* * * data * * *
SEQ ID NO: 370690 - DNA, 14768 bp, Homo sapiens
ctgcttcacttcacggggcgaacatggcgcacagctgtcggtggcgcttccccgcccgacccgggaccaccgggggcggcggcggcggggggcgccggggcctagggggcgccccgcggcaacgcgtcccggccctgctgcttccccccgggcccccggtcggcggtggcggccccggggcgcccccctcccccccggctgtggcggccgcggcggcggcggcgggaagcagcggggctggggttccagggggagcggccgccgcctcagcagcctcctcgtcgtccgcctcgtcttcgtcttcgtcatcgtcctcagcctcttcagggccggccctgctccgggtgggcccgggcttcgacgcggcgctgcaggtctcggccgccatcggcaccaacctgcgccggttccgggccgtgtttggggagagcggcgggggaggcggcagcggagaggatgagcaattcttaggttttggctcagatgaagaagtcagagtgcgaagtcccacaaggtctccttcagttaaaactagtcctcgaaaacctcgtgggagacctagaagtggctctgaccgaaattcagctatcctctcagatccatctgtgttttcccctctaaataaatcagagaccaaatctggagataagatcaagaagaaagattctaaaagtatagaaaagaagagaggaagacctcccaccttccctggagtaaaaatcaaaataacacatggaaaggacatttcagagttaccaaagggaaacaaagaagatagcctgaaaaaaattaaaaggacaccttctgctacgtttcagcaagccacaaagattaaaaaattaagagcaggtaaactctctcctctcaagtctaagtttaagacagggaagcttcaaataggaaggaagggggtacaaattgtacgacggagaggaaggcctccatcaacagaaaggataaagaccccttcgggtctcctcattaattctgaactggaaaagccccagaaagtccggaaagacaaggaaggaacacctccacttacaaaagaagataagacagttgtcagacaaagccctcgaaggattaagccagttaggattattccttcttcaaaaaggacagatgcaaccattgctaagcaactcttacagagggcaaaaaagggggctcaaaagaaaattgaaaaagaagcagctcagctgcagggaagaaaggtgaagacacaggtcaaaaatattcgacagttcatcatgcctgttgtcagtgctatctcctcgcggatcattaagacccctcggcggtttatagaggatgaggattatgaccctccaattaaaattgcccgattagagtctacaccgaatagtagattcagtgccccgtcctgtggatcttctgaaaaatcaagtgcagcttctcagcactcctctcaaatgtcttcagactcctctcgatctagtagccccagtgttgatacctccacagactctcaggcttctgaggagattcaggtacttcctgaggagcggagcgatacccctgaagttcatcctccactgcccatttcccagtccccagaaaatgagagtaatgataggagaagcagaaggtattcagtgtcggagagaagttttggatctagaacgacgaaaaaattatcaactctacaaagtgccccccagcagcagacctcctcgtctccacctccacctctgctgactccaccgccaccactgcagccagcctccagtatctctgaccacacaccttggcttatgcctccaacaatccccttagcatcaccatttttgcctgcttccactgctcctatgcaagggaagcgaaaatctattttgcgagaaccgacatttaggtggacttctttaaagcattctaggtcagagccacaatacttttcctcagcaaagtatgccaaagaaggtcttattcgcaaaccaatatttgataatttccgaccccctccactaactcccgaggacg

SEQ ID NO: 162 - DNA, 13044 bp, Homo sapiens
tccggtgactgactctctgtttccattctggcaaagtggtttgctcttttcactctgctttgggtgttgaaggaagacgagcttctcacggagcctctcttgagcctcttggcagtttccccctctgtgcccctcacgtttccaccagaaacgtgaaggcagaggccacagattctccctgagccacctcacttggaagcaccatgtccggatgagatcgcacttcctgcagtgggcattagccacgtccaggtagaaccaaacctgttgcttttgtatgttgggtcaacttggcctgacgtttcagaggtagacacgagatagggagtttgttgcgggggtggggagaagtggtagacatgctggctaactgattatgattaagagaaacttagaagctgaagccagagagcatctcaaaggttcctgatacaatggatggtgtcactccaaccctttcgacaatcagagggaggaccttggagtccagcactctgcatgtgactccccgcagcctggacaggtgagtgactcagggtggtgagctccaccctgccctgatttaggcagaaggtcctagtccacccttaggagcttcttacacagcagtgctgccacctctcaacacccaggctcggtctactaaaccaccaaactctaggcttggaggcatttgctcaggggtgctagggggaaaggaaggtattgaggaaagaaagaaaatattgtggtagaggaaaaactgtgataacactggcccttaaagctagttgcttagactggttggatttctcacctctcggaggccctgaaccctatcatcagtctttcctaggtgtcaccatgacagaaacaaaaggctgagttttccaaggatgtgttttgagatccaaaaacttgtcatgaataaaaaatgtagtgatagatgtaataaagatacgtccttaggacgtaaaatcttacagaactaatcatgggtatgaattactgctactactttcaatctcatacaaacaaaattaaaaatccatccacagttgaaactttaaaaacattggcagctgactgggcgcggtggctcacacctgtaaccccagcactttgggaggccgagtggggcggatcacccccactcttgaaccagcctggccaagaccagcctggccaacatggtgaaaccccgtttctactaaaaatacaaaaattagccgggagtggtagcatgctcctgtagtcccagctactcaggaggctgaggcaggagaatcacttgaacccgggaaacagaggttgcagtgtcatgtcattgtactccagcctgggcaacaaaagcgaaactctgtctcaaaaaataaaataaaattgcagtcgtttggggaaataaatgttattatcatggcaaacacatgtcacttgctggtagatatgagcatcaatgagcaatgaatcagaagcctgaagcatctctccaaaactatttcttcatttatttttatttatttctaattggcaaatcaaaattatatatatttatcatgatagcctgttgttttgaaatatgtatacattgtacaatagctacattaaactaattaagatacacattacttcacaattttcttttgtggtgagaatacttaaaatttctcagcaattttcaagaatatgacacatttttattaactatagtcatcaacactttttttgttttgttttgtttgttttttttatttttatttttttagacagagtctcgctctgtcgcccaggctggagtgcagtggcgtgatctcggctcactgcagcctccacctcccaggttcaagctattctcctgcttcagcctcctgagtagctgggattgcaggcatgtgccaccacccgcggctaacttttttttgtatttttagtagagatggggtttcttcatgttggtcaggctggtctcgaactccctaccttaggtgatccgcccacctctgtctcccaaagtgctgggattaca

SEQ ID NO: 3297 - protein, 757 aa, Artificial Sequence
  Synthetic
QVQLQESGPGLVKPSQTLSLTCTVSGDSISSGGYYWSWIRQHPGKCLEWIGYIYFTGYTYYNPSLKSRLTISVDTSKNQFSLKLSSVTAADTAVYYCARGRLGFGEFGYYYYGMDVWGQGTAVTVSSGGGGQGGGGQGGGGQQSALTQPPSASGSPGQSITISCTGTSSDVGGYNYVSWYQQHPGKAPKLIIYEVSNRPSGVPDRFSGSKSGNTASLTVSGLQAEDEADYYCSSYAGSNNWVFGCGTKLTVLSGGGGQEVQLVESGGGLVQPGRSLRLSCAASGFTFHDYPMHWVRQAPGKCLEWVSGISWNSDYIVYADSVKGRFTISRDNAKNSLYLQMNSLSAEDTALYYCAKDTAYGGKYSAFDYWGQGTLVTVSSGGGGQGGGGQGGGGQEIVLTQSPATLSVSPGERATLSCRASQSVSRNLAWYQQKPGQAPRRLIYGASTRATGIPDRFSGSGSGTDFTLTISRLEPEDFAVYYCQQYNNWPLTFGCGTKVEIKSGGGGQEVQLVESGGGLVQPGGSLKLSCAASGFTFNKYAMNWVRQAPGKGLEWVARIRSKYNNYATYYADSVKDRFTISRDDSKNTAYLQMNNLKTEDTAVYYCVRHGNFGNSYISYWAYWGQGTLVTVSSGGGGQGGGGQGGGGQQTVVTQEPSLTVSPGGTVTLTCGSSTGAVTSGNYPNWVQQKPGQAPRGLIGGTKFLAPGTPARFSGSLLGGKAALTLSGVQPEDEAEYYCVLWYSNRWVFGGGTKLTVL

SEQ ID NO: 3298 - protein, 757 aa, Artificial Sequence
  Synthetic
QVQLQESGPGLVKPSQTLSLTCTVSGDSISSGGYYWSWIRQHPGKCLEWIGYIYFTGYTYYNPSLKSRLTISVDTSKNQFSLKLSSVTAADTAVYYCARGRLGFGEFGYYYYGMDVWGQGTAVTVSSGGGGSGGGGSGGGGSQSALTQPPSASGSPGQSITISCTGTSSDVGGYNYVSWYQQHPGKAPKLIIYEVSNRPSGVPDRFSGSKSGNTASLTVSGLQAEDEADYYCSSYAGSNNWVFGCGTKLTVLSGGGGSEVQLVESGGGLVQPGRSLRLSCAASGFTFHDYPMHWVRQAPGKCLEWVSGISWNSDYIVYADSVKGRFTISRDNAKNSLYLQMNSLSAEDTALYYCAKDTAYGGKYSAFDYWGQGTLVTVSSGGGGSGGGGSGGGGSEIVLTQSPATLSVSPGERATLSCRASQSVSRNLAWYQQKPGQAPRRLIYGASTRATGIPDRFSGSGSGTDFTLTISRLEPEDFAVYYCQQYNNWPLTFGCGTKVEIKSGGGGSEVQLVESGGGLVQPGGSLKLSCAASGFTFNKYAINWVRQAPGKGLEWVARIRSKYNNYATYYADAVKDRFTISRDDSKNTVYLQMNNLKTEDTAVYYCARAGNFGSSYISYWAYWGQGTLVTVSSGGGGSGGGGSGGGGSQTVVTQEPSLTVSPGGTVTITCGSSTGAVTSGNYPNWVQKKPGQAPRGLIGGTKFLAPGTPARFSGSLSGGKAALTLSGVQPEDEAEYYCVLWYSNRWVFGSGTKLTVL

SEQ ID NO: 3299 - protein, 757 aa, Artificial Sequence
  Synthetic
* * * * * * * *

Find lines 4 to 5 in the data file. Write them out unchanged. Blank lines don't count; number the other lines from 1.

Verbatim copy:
tccggtgactgactctctgtttccattctggcaaagtggtttgctcttttcactctgctttgggtgttgaaggaagacgagcttctcacggagcctctcttgagcctcttggcagtttccccctctgtgcccctcacgtttccaccagaaacgtgaaggcagaggccacagattctccctgagccacctcacttggaagcaccatgtccggatgagatcgcacttcctgcagtgggcattagccacgtccaggtagaaccaaacctgttgcttttgtatgttgggtcaacttggcctgacgtttcagaggtagacacgagatagggagtttgttgcgggggtggggagaagtggtagacatgctggctaactgattatgattaagagaaacttagaagctgaagccagagagcatctcaaaggttcctgatacaatggatggtgtcactccaaccctttcgacaatcagagggaggaccttggagtccagcactctgcatgtgactccccgcagcctggacaggtgagtgactcagggtggtgagctccaccctgccctgatttaggcagaaggtcctagtccacccttaggagcttcttacacagcagtgctgccacctctcaacacccaggctcggtctactaaaccaccaaactctaggcttggaggcatttgctcaggggtgctagggggaaaggaaggtattgaggaaagaaagaaaatattgtggtagaggaaaaactgtgataacactggcccttaaagctagttgcttagactggttggatttctcacctctcggaggccctgaaccctatcatcagtctttcctaggtgtcaccatgacagaaacaaaaggctgagttttccaaggatgtgttttgagatccaaaaacttgtcatgaataaaaaatgtagtgatagatgtaataaagatacgtccttaggacgtaaaatcttacagaactaatcatgggtatgaattactgctactactttcaatctcatacaaacaaaattaaaaatccatccacagttgaaactttaaaaacattggcagctgactgggcgcggtggctcacacctgtaaccccagcactttgggaggccgagtggggcggatcacccccactcttgaaccagcctggccaagaccagcctggccaacatggtgaaaccccgtttctactaaaaatacaaaaattagccgggagtggtagcatgctcctgtagtcccagctactcaggaggctgaggcaggagaatcacttgaacccgggaaacagaggttgcagtgtcatgtcattgtactccagcctgggcaacaaaagcgaaactctgtctcaaaaaataaaataaaattgcagtcgtttggggaaataaatgttattatcatggcaaacacatgtcacttgctggtagatatgagcatcaatgagcaatgaatcagaagcctgaagcatctctccaaaactatttcttcatttatttttatttatttctaattggcaaatcaaaattatatatatttatcatgatagcctgttgttttgaaatatgtatacattgtacaatagctacattaaactaattaagatacacattacttcacaattttcttttgtggtgagaatacttaaaatttctcagcaattttcaagaatatgacacatttttattaactatagtcatcaacactttttttgttttgttttgtttgttttttttatttttatttttttagacagagtctcgctctgtcgcccaggctggagtgcagtggcgtgatctcggctcactgcagcctccacctcccaggttcaagctattctcctgcttcagcctcctgagtagctgggattgcaggcatgtgccaccacccgcggctaacttttttttgtatttttagtagagatggggtttcttcatgttggtcaggctggtctcgaactccctaccttaggtgatccgcccacctctgtctcccaaagtgctgggattaca

SEQ ID NO: 3297 - protein, 757 aa, Artificial Sequence